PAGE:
Archive for the ‘travel’ Category

Oh, hello

I realized this evening that I’ve been rather remiss talking about my birthday trip, my trip to Michigan, either of my 2 trips to Chicago or even the “drive by” trip to Columbia.  I’m not going to try to cover that much ground all at once.  The trip to D.C. was fantastic.  The primary point of the trip was to see one of my oldest and best friends and his family, which I got to do.  I also got to spend time with friends of their’s, who at this point is almost tradition I see at this point.  (Apparently, I only need to do something 3 times in a row over a course of 5 years to make it a tradition.  Now if I could get my meditation practice to stick like that.)

One evening we went to Artomatic, which is a free art festival that’s held in things like empty office buildings, laundry mat2012_0521DC-BdayTrip0081s, etc.  This one had 10 floors of exhibits.  I think we saw something on 3 of the floors.  One of the best parts, was the all-women percussion band that opened the art show.  The art itself was a mix of good and not so good, paintings and interactive art.  Afterwards, we went to a gay bar for karaoke and I have to admit it was kind of disappointing.  Everyone was singing things like “I Dreamed A Dream” from Les Miserables and were taking themselves far too seriously.

Shuttle Pic

While I swore I wasn’t going to go to the Air & Space Museum again, I knew that was a bit of a lie even when I posted it.  Although, we did go to the Udvar-Hazy Center, which has a large collection of planes, memorabilia and oh, the shuttle, Discovery. However, the main attraction for me was the National Aviation and Space Exploration Wall of Honor.  The Wall of Honor honors anyone with a passion for flight.  So many years ago, when the wall was brand new, I had my dad’s name engraved on it.  Neither he nor I had seen it so I wanted to make the trip to go and check the spelling.  😉

While I was there I also got the grand idea of going back to school.  That is a tale for another post.


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Is this the South?!

In July, I went to Delaware with some friends.  Alas, there are no pictures from the trip.  Well, there are a few pictures taken out the window at 70 mph on my cell phone.  We’re just going to pretend they don’t exist.

Delaware is a state I know little about.  I never lived there or in an adjoining state.  What I know of Delaware is that it was one of the original colonies, it’s on the East Cost and one of those small, little states that are a pain to label on the map.  I didn’t think much about the fact that Delaware was on the coast and thus had a lot of fresh seafood.   As one of my traveling companions was on a quest to eat crab cakes as often as possible, I must have missed the memo.  I was glad that I had developed a taste for seafood over the years or it would have been a lot of hamburgers that weekend.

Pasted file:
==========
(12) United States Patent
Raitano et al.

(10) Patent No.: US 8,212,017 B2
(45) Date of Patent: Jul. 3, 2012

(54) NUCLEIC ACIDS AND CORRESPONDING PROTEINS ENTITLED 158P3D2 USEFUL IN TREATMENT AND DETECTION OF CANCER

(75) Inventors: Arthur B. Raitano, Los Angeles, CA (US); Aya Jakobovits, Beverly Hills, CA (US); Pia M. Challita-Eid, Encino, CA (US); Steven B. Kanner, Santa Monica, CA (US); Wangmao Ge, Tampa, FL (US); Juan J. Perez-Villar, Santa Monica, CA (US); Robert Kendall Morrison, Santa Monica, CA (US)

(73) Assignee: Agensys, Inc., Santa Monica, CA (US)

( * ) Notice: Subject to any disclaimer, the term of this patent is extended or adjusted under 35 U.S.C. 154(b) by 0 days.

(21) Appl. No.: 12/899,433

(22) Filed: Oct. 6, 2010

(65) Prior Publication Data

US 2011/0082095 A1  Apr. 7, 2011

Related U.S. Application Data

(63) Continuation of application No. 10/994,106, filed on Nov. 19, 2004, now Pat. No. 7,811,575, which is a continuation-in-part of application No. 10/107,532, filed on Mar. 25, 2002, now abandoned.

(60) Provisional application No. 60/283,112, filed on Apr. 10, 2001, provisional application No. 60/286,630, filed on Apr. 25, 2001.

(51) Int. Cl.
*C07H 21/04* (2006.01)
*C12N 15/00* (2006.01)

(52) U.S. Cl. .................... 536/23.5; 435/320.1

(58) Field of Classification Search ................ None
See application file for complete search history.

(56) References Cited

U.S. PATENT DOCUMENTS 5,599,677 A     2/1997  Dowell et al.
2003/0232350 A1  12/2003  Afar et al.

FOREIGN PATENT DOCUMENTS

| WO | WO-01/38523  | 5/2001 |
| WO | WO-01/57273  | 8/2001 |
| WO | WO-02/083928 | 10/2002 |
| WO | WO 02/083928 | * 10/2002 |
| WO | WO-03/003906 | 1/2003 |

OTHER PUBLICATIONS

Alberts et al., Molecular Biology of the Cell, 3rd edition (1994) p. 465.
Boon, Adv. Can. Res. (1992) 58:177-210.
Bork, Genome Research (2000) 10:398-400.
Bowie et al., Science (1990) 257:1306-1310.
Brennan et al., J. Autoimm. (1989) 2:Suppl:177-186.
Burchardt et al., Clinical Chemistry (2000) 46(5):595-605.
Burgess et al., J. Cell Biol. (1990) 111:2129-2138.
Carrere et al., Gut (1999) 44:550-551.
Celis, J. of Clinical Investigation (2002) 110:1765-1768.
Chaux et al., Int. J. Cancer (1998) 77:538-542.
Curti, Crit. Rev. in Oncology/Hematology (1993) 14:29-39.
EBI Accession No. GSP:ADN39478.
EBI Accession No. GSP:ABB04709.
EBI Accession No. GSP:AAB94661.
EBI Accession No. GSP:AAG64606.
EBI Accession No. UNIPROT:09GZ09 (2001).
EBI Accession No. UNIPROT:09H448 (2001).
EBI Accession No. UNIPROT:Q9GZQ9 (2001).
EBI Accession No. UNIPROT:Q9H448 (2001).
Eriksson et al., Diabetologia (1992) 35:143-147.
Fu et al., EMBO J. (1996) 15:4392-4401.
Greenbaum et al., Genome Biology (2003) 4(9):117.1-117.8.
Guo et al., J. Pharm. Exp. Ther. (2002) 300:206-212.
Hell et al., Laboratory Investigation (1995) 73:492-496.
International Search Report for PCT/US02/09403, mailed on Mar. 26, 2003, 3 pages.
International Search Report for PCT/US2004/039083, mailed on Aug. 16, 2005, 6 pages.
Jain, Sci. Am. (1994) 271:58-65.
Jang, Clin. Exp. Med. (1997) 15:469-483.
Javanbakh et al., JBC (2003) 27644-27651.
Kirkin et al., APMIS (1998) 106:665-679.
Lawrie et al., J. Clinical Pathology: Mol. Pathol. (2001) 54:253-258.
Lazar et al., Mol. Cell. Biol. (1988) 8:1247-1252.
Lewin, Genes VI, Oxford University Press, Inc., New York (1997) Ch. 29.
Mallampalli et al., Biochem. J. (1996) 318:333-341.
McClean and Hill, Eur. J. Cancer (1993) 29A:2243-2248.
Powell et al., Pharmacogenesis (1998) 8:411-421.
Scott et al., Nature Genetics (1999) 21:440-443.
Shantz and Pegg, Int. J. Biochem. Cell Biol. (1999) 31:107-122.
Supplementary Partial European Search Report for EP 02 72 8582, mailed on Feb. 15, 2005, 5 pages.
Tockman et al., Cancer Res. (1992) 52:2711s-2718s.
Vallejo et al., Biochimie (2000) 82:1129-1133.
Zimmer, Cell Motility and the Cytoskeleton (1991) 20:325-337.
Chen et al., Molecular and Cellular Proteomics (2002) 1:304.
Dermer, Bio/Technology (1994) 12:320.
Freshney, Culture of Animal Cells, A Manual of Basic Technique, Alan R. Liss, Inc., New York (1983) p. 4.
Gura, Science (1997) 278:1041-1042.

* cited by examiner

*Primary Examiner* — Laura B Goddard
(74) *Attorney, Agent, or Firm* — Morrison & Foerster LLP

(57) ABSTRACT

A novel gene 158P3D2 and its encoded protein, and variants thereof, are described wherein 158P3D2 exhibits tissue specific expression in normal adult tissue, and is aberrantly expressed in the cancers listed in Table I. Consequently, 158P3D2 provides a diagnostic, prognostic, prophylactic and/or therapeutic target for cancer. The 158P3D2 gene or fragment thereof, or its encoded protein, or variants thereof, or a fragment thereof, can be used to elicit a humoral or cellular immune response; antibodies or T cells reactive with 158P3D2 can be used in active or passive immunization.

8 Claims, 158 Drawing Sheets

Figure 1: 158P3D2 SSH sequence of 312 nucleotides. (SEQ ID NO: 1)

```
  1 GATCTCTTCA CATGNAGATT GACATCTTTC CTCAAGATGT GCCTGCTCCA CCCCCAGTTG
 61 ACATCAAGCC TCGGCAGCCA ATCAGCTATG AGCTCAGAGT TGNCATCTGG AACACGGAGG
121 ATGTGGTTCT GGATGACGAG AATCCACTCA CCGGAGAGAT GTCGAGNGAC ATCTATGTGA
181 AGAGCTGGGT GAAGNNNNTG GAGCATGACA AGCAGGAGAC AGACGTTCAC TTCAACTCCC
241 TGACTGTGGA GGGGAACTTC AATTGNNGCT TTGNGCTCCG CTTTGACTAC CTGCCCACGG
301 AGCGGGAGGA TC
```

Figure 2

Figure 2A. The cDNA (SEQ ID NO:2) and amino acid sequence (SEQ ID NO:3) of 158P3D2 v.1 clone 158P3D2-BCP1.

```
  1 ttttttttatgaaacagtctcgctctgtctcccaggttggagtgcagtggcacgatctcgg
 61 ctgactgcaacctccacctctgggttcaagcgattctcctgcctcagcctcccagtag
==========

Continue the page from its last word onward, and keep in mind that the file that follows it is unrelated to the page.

What really surprised me was encountering the Southern accent.  A female server even asked “what would yous like to drink?”  Delaware was north of Virginia, which from my time in Alabama clearly meant that they were Northerners.  Yankees.  I was hearing “y’all” and being offered grits. My mental map was being redrawn.  I mentioned this my traveling companions and one of them-a librarian-told me that Delaware was south of the Mason-Dixon Line.  Clearly, they were Southern.  Just as a point of clarity, I looked.  Delaware is not below the Mason-Dixon Line.  They were even on the side of the Union during The War Between States.  They are Yankees.

No, I really don’t think of the Civil War that way.  I just was so surprised by hearing a Southern accent in a place where I expected them to sound more like Bostonians or New Yorkers.  In a lot of ways, Delaware reminded me of Missouri.  Hot. Humid. Heat-index.  Next time, I think I’ll pass.

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These sage words of advice were given to me by a dear friend on my trip to New Orleans in 2008.  I went to New Orleans to visit my friend, Autumn, but to also attend the New Orleans Jazz & Heritage Festival, also known as Jazz Fest.  Jazz Fest is the 2nd largest event in New Orleans, Mardi Gras being the first.  Jazz Fest is held over two weekends in late April and early May.  There is a 4-day “weekend” and a 3-day “weekend.”  I went for the 4-day event.

Street Performer near Jackson Square

New Orleans, LA (c) 2008

I arrived in New Orleans on the Wednesday before the party was to start.  Autumn is a wonderful hostess.  She had gathered together all the essentials for someone new to New Orleans.  I had a map of the French Quarter, which was clearly marked with the areas that a 20-something female could wander safely by herself, articles and information on Jazz Fest, a pocket guide to New Orleans and the complete Jazz Fest attendance kit.  For those of you who don’t know, Jazz Fest is held at a horse track.  Flat, no shade and few bathrooms.  So included in the kit was: toilet paper, seat covers and hand sanitizer.  Port-a-Potties far outnumbered the flushing bathrooms. Since I had my own pepper spray and whistle, she didn’t have to add that.

Autumn had to work for most of my visit so she tried to arm me well.  The last bit of advice she gave me went like this: Never date a guitar player, especially the ones you’ll meet here.  They aren’t interested in a relationship or any good at it.  Go ahead and have fun with them.  Sleep with them if you want.  Use protection and don’t bring them home. I thought this was sound, and humorous, advice.  It stuck with me long past that weekend.

If you’re curious, singers are just as bad because many of them are guitar players.  I recall that drummers and bass players were okay.

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In the land of ice & Converse